Excerpts from With open hands

This item consists of 2 short excerpts from Henri Nouwen’s book ‘With Open Hands’ published in The Newsletter of the New Hampshire Cursillo, Manchester, New Hampshire, May 1985, p. 2 & p. 4. The first excerpt is about prayer and God’s deep desire to give himself to us. The second excerpt is also about prayer and describes prayer as living. ‘ There are as many ways to pray as there are moments in life’.

Saying no to death

This item is a 3 page article by Henri Nouwen entitled, ‘Saying No to Death’ published in Fellowship the journal of the Fellowship of Reconciliation, Vol. 51, No. 9, September, 1985, pp. 9 – 11. Nouwen begins the article by citing a visit to an exclusive preparatory school where everyone seemed polite, intelligent and good mannered. However, at some point they all watched a film containing great deal of violence which was obviously entertaining to the young audience. Nouwen points to ‘the fact that a large portion of contemporary entertainment is fascinated with violence and death’. Nouwen then goes on to write of the various ways in which human beings live death which includes hatred, fear, judgment of others, desire to destroy what we fear. By judging others Nouwen suggests we play God but ‘everyone who plays God ends up acting as the demon’. Nouwen goes on to state that the peacemaker never plays God, never judges but sees others as fellow sinners and fellow saints. He suggests that, ‘As peacemakers we must have the courage to see the powers of death at work even in our innermost selves’. Nouwen points to our need to see ourselves as forgiven people rather than living in self-hatred which brings depression and fear and a form of death. In contrast to death Nouwen suggests that ‘Life mean mobility and change. Wherever there is life there is movement and growth’. Nouwen concludes by stating that ‘real resistance [to death] requires the humble confession that we are partners in the evil we seek to resist’.

Peace, a gift we receive in prayer

This item is an 11 page article by Henri Nouwen entitled, ‘Peace, A Gift We Receive in Prayer’, published in the New Oxford Review, Vol. LII, No. 7, September 1985, pp. 7 – 18. It is indicated that this is part 1 of a 3 part series entitled: A Spirituality of Peacemaking. Nouwen opens the article by asking, ‘Must it remain this way? Must war drums constantly disturb us? Must we hear over and over that we need more and stronger weapons to safeguard our values and our lives?’. Nouwen goes on to describe his own struggle from hesitation to describe himself as a peacemaker to an understanding of the need to do so. Nouwen states, ‘I hope to show how peacemaking can no longer be regarded as peripheral to being a Christian’. ‘Christians today … have to find the courage to make the word peace as important as the word freedom’. Nouwen then goes on at some length to speak about the peacemaker as one who prays. ‘Prayer is the beginning and the end, the source and the fruit, the core and the content, the basis and the goal of all peacemaking’. Nouwen describes peace as a divine gift which is received in prayer. It is in prayer, he suggests, that we find ourselves part of wounded humanity, one like those who create war. ‘Only when we are willing repeatedly to confess that we too have dirty hands even when we work for peace, can we fully understand the hard task of peacemaking’. Nouwen references the gospels and the words of Jesus about the prayer of the peacemaker and the receipt of the gift of love in the relationship with Jesus that comes from prayer. ‘Nothing is more important in peacemaking than that it flows from a deep and undeniable experience of love’. Nouwen describes prayer as ‘the first and foremost act of resistance against the arms race’. Nouwen concludes by referencing a story from one of the desert fathers and by stating, ‘ When we can see our own sinful self in a tranquil mirror and confess that we too are warmakers, then we may be ready to start walking humbly on the road to peace’.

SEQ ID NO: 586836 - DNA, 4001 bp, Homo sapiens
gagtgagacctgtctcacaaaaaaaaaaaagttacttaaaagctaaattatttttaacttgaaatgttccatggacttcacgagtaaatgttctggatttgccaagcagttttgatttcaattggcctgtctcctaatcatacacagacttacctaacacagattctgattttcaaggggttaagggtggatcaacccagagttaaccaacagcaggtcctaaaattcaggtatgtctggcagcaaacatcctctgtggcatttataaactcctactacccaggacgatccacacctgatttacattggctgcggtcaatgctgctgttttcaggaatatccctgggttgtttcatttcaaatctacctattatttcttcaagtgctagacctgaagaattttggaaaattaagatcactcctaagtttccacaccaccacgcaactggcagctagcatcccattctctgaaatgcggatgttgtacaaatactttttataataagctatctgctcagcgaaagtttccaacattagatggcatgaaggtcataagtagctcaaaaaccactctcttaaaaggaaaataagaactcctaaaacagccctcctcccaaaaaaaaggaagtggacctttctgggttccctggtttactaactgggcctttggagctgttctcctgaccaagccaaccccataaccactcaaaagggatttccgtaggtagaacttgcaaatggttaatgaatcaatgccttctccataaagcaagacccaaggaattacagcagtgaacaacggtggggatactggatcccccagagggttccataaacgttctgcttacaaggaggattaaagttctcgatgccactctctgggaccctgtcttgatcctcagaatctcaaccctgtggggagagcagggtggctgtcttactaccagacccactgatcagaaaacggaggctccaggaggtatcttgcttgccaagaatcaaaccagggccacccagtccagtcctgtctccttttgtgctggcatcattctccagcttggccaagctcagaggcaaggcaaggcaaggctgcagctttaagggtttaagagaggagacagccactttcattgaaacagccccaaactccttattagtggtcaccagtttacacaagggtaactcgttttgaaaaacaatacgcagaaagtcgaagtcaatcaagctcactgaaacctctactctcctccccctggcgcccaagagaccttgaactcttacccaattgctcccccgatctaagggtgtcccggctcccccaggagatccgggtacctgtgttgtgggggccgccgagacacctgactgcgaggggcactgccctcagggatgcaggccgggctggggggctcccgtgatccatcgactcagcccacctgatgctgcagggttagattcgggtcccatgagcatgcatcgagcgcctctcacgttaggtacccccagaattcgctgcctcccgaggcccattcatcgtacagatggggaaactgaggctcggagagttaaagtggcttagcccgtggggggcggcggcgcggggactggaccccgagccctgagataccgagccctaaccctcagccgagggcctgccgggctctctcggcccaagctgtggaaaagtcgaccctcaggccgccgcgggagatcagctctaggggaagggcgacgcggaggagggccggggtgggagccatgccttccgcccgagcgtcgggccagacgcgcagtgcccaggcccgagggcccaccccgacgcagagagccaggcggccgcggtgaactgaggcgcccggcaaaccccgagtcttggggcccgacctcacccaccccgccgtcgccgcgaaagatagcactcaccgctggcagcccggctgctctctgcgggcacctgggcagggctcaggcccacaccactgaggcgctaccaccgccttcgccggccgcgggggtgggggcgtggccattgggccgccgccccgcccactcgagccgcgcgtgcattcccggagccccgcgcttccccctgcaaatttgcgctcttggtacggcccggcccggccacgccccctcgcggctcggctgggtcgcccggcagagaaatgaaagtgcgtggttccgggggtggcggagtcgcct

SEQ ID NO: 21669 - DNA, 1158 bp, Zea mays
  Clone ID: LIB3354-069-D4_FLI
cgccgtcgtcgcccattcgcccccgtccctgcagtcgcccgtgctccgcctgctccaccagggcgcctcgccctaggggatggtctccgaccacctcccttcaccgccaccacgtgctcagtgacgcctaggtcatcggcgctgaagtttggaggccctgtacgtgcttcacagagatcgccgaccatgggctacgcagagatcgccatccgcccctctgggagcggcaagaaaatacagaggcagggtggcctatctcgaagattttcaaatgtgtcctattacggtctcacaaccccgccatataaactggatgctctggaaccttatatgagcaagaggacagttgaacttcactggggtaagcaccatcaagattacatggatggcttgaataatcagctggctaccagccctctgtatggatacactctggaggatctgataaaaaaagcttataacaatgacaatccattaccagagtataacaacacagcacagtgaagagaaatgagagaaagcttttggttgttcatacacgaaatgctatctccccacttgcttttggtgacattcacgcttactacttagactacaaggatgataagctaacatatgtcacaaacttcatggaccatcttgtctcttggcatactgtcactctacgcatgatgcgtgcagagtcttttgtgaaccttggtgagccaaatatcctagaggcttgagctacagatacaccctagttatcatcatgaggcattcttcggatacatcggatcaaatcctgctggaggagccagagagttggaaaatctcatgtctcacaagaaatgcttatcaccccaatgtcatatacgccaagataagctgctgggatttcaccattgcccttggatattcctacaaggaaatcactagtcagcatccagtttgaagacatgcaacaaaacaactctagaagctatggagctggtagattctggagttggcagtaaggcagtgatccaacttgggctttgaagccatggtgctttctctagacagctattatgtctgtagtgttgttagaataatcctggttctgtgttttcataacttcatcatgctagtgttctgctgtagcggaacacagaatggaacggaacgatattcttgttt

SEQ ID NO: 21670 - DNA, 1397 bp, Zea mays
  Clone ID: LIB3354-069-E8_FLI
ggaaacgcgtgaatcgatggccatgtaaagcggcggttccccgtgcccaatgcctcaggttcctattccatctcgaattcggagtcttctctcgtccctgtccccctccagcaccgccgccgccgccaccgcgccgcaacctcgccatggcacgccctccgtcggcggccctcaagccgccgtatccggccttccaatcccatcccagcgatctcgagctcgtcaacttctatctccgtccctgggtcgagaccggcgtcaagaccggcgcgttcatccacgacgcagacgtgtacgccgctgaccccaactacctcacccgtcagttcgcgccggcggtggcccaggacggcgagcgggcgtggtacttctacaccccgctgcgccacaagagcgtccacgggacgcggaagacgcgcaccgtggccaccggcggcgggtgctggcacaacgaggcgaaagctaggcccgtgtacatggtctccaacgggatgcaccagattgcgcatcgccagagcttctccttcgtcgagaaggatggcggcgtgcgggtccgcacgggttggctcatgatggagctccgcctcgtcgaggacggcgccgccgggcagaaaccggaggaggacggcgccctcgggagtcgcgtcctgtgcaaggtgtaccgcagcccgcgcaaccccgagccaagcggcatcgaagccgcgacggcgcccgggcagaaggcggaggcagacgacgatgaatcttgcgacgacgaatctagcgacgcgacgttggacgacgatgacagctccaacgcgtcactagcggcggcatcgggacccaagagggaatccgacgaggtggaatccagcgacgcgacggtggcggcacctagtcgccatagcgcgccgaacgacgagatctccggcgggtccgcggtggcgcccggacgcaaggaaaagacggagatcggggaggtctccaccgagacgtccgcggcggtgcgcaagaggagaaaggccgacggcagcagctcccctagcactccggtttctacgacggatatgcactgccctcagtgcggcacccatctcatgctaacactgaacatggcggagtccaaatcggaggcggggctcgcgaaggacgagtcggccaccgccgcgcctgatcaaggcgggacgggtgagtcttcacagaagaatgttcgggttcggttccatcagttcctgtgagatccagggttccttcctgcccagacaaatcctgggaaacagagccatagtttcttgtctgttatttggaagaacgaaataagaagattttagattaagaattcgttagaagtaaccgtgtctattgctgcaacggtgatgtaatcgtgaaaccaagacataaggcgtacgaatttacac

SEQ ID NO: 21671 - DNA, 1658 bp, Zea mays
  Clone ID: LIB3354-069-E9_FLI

Saying "no" to death in all its manifestations

This item is an 8 page article by Henri Nouwen entitled: ‘Saying “No” to Death in All its Manifestations’, published in the New Oxford Review, Volume LII, No. 8, October 1985, pp. 10 – 18. It is identified as Part II of a three part series. Nouwen begins by speaking of his experience of the Jewish holocaust when he was a child in Holland and of his awareness of the questions asked after, how could we let this happen? Nouwen realizes that now he is a well-educated adult and cannot claim that he does not see the horrors of the current nuclear threat or the injustices of American and other societies. He goes on to state, ‘Peacemaking is not an option any longer but a holy obligation for all people whatever their professional or family situation. Peacemaking is a way of living that involves our whole being all the time.’ Nouwen continues to write about the nuclear threat of the annihilation of the world as we know it; the way in which people who oppose it are treated unjustly; the way in which we enter into an ‘all pervasive fascination with death that is an integral part of our daily lives.’ Nouwen describes what he sees as the reality that ‘violence [is] mental before it is physical’. He writes that when we refuse to see others who are different as our brothers and sisters that is the beginning of future violence and death. He goes on to say, ‘I am moved by the idea that a peacemaker never judges anybody’ and that we become better peacemakers when we are able to forgive ourselves and others for our humanity. Nouwen then suggests, ‘Peacemaking requires clear resistance to death in all its manifestations…Real resistance requires the humble confession that we are partners in the evil that we seek to resist’.